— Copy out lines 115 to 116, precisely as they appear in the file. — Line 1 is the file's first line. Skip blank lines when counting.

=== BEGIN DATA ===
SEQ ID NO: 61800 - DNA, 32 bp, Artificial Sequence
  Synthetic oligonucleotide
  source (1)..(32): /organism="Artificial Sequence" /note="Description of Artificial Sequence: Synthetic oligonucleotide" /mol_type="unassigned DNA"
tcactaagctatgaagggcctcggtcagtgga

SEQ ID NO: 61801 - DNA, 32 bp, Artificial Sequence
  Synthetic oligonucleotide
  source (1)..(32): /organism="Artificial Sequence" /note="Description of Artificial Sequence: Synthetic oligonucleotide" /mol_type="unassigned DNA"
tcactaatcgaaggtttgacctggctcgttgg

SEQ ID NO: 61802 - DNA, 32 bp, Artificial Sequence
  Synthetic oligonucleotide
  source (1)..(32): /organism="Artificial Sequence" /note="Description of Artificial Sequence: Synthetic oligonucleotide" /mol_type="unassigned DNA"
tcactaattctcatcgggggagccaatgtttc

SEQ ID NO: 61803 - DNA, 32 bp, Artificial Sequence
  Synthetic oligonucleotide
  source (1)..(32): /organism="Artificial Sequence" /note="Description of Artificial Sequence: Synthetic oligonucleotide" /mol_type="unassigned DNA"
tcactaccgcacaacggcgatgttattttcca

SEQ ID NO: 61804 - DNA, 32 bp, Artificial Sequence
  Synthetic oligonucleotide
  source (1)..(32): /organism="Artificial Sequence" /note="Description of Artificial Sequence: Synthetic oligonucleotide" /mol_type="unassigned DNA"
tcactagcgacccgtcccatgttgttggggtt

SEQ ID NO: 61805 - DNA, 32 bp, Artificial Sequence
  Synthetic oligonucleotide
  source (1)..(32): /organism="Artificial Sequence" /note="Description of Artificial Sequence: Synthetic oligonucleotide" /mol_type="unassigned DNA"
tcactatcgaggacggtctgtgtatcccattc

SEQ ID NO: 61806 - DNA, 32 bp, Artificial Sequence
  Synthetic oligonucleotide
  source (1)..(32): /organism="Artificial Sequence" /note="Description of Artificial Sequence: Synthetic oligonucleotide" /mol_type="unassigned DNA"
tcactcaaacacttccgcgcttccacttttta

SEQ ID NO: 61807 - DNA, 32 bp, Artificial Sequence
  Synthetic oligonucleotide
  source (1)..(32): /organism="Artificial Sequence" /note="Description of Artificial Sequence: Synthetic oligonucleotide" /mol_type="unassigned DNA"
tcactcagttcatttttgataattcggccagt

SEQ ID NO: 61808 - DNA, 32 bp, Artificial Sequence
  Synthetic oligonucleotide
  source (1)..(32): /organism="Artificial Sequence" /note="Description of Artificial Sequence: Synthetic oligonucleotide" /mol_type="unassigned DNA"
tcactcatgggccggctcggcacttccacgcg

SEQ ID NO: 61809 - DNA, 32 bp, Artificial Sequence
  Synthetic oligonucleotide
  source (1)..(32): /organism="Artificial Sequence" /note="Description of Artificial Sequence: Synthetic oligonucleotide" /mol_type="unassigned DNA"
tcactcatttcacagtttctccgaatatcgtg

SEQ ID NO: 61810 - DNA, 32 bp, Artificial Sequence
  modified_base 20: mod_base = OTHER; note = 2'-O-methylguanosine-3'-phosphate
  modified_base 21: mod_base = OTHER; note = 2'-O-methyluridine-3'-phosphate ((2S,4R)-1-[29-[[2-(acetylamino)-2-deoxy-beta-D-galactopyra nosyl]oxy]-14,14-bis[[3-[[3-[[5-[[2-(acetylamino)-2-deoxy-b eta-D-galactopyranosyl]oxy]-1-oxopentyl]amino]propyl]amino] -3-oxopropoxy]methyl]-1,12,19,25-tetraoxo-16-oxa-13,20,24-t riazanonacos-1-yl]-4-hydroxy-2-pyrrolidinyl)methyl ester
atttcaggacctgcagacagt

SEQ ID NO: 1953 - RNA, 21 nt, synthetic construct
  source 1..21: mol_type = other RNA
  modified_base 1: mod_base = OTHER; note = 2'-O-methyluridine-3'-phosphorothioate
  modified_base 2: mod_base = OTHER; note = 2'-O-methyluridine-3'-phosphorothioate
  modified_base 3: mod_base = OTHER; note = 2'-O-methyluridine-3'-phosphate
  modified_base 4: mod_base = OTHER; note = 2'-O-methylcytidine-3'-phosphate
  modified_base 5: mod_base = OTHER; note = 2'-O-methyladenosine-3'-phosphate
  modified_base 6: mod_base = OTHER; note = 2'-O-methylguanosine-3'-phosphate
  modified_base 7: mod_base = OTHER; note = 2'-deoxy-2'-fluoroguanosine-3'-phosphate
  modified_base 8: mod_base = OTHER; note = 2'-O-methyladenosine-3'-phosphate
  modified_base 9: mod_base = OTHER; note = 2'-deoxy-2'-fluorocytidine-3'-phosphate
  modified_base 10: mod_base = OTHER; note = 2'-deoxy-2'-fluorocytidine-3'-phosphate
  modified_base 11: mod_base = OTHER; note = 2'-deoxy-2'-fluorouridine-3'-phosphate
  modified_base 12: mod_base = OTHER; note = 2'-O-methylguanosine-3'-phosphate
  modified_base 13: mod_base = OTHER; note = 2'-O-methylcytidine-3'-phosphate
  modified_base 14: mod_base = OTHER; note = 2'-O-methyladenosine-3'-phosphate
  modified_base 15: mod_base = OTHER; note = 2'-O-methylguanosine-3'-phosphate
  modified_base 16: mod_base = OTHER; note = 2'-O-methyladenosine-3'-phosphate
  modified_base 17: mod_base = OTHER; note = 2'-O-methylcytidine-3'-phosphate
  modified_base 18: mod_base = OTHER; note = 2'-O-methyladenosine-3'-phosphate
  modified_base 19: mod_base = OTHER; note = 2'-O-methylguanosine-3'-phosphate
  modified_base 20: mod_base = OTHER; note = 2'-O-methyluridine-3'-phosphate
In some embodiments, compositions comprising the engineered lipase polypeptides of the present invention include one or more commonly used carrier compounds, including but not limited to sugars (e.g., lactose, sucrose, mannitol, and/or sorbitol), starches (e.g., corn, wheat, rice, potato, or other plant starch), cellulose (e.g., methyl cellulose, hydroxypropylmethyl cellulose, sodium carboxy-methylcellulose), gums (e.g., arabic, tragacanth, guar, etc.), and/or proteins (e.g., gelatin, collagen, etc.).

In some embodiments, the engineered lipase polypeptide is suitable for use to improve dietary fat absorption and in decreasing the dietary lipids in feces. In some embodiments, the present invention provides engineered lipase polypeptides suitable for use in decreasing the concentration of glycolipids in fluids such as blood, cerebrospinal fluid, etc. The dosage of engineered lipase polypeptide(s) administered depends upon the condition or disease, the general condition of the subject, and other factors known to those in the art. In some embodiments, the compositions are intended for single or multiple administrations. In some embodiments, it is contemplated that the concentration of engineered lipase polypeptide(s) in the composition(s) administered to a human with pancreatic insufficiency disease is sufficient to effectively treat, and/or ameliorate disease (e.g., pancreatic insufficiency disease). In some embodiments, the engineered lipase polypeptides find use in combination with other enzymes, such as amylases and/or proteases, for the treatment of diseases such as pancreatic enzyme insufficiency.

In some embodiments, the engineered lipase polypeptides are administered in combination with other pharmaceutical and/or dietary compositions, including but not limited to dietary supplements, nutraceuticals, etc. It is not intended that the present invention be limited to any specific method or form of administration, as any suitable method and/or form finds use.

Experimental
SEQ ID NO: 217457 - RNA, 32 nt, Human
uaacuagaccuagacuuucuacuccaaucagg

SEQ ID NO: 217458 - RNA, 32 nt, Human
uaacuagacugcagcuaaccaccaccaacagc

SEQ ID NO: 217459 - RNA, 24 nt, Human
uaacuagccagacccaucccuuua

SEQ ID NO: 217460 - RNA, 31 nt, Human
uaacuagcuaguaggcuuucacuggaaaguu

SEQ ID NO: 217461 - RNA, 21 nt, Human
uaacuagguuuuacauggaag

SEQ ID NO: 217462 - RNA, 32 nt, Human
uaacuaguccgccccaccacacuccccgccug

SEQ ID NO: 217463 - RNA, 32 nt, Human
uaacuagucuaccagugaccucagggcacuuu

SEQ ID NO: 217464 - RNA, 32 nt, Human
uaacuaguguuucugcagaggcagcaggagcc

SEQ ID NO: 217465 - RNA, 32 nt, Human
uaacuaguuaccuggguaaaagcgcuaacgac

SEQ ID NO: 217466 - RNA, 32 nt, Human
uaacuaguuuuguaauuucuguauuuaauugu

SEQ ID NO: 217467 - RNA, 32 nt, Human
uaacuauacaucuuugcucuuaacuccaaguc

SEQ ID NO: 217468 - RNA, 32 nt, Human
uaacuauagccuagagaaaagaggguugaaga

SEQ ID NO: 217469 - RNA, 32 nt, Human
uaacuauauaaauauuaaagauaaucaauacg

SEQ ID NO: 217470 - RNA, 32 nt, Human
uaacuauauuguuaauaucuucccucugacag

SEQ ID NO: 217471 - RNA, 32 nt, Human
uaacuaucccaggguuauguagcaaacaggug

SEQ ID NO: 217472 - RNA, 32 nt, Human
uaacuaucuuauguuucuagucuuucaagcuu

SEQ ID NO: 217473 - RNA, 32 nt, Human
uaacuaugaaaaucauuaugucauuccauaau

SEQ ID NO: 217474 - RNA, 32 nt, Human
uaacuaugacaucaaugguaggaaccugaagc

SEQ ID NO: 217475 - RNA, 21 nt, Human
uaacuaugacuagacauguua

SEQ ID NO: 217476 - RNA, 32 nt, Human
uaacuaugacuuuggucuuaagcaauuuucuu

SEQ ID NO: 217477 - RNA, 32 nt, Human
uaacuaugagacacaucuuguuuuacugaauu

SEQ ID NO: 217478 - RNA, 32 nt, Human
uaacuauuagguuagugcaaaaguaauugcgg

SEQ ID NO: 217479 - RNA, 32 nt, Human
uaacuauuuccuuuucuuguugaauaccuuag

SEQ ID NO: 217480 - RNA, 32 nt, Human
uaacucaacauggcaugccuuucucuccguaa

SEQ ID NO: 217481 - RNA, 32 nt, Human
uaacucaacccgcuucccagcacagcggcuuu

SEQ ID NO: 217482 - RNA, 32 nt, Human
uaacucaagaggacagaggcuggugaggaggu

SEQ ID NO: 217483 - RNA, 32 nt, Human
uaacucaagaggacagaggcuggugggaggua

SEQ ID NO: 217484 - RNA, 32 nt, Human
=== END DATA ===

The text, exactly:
SEQ ID NO: 217479 - RNA, 32 nt, Human
uaacuauuuccuuuucuuguugaauaccuuag